What Is A Hung Parliament And What Does It Mean For The UK?

Real Life

What Is A Hung Parliament And What Does It Mean For The UK?

It's official: the Conservative party have lost their comfortable majority in Theresa May's snap general election, meaning that we are faced with a hung parliament.

While the Conservatives are still projected to be the largest party, with estimates ranging from 315 to 321 seats, they cannot form a majority. The Labour Party, meanwhile, are predicted to win between 260 and 266 seats, after making gains in handfuls of key marginals.

Does this mean we are faced with another coalition government? Who will be the next Prime Minister? Here's what could happen next...

What is a hung parliament?

For a clear election victory, a political party typically needs to win 326 seats (accounting for the 326 votes in the House of Commons). A hung parliament means that no one party has won enough seats in the general election to take an overall majority in the Commons.

When did we last have a hung parliament?

It wasn't all that long ago. Cast your mind back to the general election in 2010, when Gordon Brown's Labour Party lost their majority. The result was a hung parliament: after an intense negotiation period, the Conservatives and the Liberal Democrats eventually formed a coalition government which remained in power until 2015 (when the Tories won back their majority).

What happens when there is a hung parliament?

For now, the Conservatives are still in power, and Theresa May is still our Prime Minister. The biggest party (the Conservatives) is entitled to try to win over other, smaller political parties to work with them in a coalition. Should this fail, they can form a minority government, which might struggle to pass laws in the Commons (ironically, this is the very opposite of 'strong and stable.')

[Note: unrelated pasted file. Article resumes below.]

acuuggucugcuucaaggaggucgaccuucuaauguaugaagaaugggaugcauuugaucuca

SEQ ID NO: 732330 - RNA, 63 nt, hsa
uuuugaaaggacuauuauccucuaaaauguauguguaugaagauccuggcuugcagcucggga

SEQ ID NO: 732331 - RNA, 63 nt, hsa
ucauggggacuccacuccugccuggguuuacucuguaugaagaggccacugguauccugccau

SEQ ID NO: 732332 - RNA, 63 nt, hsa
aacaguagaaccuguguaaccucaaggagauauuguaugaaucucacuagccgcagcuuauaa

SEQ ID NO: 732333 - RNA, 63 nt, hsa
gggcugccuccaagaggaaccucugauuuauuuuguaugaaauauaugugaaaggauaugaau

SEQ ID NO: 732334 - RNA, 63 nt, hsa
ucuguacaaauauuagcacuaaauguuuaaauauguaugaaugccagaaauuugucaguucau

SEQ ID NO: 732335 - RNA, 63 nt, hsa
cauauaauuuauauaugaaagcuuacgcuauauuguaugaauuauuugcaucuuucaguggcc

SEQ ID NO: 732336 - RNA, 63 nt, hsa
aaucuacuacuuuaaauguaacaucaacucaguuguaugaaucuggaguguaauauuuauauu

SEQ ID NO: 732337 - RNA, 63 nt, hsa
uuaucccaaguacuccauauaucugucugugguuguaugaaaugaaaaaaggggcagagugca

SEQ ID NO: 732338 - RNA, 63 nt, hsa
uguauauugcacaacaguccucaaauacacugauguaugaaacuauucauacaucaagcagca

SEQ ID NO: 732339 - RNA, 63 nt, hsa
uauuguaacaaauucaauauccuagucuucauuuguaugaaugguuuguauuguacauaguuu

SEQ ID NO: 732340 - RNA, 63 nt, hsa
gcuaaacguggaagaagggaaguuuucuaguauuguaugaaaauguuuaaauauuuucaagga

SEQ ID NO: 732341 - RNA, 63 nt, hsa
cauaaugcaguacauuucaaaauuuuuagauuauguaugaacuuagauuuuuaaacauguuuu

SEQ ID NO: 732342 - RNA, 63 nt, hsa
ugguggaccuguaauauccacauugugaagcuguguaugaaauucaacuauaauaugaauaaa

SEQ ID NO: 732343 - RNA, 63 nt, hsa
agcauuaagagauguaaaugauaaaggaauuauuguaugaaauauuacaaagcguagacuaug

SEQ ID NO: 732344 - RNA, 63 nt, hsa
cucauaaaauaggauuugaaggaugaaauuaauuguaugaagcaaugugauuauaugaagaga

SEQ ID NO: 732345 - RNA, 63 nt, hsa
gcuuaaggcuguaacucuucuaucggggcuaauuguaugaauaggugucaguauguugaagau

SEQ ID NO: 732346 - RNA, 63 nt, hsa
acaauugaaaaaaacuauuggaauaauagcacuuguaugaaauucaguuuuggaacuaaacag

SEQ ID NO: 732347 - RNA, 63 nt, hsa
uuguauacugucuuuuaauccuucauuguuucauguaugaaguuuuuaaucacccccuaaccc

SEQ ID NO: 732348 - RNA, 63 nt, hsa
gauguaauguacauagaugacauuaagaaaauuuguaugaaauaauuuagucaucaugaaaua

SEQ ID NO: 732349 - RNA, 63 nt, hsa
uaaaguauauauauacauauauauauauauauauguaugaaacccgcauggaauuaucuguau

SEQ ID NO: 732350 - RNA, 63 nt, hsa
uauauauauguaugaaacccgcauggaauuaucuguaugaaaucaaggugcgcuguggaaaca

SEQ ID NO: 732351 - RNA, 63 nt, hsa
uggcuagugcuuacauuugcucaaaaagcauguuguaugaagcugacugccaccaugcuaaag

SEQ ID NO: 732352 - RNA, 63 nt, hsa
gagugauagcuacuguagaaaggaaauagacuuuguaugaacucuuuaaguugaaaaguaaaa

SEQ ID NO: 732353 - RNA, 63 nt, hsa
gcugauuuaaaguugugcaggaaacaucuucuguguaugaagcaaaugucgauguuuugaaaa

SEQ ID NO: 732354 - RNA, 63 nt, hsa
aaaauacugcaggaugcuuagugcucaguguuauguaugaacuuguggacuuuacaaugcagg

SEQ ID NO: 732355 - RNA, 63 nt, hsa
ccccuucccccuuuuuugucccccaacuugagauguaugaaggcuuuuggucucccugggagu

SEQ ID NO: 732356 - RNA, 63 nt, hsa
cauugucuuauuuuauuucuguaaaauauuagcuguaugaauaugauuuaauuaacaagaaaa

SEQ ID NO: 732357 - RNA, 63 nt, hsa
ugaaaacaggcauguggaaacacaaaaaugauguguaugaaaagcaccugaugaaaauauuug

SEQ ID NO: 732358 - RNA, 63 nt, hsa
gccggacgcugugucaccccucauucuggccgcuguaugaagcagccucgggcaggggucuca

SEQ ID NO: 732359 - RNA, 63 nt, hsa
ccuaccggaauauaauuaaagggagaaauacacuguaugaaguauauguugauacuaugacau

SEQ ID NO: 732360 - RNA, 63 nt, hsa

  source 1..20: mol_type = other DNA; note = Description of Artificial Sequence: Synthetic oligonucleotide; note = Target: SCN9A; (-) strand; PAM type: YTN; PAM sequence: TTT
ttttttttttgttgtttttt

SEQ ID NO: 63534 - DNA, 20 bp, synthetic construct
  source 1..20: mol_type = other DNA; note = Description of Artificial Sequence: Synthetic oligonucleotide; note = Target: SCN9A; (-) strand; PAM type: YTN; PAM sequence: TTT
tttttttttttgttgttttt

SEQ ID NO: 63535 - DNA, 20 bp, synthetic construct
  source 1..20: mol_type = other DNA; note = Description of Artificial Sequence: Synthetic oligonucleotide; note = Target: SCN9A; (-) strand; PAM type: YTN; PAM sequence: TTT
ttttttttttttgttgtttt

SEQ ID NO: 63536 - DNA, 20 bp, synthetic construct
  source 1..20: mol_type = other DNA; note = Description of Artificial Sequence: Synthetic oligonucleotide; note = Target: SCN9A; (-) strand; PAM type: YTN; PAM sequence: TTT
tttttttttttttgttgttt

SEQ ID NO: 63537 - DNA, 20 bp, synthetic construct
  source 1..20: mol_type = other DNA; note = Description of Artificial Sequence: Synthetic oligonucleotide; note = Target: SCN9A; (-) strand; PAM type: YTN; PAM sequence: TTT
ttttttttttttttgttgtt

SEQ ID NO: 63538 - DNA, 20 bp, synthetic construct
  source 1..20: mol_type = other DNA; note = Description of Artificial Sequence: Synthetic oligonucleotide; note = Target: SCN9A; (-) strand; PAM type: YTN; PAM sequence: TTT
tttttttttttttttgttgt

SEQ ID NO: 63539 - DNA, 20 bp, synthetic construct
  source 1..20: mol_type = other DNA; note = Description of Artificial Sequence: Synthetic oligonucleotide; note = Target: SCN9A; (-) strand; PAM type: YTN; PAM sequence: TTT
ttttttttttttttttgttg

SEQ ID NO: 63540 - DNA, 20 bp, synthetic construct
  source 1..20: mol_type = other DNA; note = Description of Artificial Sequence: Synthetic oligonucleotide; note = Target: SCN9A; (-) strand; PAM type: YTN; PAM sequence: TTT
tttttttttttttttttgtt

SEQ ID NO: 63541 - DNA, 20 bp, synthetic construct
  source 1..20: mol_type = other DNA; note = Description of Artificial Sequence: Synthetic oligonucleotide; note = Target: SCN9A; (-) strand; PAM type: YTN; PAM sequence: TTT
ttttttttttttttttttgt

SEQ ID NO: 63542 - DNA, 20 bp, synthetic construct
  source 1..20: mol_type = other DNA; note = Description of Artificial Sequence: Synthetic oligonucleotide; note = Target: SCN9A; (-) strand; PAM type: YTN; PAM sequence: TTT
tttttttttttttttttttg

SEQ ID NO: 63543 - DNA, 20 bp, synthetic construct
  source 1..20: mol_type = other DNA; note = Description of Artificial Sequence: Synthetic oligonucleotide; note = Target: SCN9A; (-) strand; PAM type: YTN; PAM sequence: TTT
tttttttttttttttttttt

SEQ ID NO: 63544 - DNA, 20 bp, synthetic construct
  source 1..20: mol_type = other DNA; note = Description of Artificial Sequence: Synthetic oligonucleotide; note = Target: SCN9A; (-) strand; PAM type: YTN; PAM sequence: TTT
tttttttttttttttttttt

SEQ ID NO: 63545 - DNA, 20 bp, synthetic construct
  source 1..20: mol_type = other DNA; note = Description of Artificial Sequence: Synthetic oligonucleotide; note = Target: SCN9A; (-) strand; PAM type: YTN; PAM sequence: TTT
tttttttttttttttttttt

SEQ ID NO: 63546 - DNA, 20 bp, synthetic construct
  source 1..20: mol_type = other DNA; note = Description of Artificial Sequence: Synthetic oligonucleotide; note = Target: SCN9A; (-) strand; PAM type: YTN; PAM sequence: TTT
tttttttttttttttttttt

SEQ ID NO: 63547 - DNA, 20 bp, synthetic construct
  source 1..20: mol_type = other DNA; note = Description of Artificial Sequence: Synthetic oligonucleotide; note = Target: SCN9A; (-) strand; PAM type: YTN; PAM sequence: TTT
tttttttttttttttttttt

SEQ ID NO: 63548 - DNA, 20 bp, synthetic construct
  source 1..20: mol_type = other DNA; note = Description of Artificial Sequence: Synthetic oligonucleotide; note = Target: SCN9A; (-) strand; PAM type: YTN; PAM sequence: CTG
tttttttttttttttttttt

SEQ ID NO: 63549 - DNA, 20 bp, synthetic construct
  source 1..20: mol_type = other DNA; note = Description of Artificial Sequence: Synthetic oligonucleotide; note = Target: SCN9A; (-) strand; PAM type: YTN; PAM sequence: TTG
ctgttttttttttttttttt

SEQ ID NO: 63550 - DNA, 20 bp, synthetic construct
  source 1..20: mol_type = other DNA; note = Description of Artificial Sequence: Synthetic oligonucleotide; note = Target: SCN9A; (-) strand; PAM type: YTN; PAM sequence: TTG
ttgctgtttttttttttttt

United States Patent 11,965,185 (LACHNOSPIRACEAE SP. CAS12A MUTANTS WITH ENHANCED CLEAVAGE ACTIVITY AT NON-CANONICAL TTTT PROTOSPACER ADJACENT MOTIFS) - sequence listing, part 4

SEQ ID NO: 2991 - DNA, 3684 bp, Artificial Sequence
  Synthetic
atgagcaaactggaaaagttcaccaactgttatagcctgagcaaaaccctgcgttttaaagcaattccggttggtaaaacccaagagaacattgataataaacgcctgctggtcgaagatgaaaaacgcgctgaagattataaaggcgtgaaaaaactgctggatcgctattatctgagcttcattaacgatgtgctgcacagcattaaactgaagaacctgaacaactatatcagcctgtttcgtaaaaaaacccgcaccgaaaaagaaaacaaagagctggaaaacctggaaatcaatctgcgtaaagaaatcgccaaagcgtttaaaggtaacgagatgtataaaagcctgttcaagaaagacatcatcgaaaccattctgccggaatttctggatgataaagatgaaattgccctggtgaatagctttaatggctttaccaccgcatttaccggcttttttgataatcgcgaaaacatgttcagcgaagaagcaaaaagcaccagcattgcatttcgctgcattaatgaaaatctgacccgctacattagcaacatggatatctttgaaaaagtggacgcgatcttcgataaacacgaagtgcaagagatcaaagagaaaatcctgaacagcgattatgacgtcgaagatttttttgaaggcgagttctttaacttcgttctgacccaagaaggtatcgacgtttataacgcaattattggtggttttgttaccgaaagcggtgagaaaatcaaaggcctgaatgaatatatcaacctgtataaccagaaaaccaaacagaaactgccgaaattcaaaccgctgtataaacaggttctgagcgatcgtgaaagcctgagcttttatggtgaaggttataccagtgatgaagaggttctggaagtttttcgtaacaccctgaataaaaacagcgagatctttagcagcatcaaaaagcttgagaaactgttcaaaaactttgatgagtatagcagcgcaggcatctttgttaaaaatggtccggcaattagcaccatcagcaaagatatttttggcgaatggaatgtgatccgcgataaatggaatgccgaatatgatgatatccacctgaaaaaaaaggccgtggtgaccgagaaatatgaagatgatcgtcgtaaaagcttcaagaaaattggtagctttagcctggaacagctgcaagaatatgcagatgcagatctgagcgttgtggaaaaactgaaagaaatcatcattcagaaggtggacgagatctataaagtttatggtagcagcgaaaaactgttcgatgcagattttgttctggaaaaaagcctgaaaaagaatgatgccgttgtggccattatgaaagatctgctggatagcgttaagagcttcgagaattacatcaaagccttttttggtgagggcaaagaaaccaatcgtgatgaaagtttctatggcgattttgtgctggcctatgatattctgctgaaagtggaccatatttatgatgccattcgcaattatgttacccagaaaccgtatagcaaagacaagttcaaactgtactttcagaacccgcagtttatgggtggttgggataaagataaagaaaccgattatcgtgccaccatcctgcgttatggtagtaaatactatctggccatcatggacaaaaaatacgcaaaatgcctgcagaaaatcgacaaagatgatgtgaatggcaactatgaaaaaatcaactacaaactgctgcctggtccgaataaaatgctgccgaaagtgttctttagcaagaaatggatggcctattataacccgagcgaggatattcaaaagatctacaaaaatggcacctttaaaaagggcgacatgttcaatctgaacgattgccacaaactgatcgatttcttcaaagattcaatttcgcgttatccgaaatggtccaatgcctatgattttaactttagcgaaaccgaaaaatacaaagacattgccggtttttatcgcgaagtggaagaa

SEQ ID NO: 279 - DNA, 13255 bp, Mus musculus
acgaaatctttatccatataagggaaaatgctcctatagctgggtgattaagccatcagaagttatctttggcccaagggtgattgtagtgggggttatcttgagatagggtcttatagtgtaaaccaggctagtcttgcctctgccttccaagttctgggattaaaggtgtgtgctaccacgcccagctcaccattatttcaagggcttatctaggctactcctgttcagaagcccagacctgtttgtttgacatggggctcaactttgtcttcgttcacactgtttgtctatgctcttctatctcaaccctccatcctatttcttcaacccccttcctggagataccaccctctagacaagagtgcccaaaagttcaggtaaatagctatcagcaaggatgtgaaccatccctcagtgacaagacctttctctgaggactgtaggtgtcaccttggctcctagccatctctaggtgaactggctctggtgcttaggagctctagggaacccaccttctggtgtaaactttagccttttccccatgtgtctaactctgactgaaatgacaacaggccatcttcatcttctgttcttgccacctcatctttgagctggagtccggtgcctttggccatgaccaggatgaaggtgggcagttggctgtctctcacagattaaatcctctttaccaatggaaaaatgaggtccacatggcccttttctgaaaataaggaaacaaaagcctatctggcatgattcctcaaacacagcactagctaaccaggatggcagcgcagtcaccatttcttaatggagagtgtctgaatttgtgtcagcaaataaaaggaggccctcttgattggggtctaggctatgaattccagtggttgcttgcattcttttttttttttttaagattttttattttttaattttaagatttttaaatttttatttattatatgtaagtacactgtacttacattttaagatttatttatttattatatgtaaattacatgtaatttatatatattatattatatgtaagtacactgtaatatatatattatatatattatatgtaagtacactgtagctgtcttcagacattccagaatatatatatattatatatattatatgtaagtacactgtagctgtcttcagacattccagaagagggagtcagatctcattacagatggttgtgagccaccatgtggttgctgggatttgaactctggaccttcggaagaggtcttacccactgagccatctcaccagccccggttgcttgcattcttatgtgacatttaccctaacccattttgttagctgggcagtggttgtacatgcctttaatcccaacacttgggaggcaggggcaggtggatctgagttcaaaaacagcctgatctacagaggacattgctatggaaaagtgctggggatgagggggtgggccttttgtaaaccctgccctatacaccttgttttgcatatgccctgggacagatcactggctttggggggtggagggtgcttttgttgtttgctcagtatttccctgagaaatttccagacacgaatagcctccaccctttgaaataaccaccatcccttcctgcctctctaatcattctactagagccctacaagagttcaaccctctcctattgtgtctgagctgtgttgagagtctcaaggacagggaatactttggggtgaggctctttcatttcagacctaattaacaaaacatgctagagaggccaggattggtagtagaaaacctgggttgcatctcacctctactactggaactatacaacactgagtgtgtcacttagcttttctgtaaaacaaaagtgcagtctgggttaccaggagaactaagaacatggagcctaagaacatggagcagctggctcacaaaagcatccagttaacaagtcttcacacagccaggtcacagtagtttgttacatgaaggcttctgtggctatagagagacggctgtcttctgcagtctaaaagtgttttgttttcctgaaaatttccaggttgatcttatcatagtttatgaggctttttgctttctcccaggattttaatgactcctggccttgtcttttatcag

Who will form a government - and who will be Prime Minister?

As the sitting Prime Minister, Theresa May has the right to remain in office until the next sitting of Parliament, which will take place early next week. In the mean time, the Tories will most likely enter into in-depth negotiations with other parties: they could find support from two Northern Irish parties, the Democratic Unionist Party (or DUP) and the Ulster Unionists.

Should Theresa May fail to reach some sort of power sharing agreement, the Labour Party would have the right to form one of their own, making Jeremy Corbyn the next Prime Minister. Labour would look to the more progressive, left-leaning MPs in the Commons: the Liberal Democrats, the Scottish Nationalist Party and the Green Party's Caroline Lucas. The SNP's Nicola Sturgeon has previously said that she would be happy to back up a Corbyn government to help pass laws on a case-by-case basis, though naturally no parties are keen to comment on the possibility of a coalition at this stage.

Does a hung parliament mean a coalition is inevitable?

Not quite - there are no easy answers here. A coalition is an official power sharing agreement, meaning that the larger party would offer cabinet positions to the smaller party to sweeten the deal (Nick Clegg, for example, was Deputy Prime Minister in the last coalition).

Another possibility is that the parties could work together on a case-by-case basis. A 'confidence and supply' arrangement could allow a minority government to rule. While less formal than a coalition, it typically means that smaller parties will support (or abstain from voting upon) major motions by the larger one, in exchange for seeing some elements of their manifesto acted upon.

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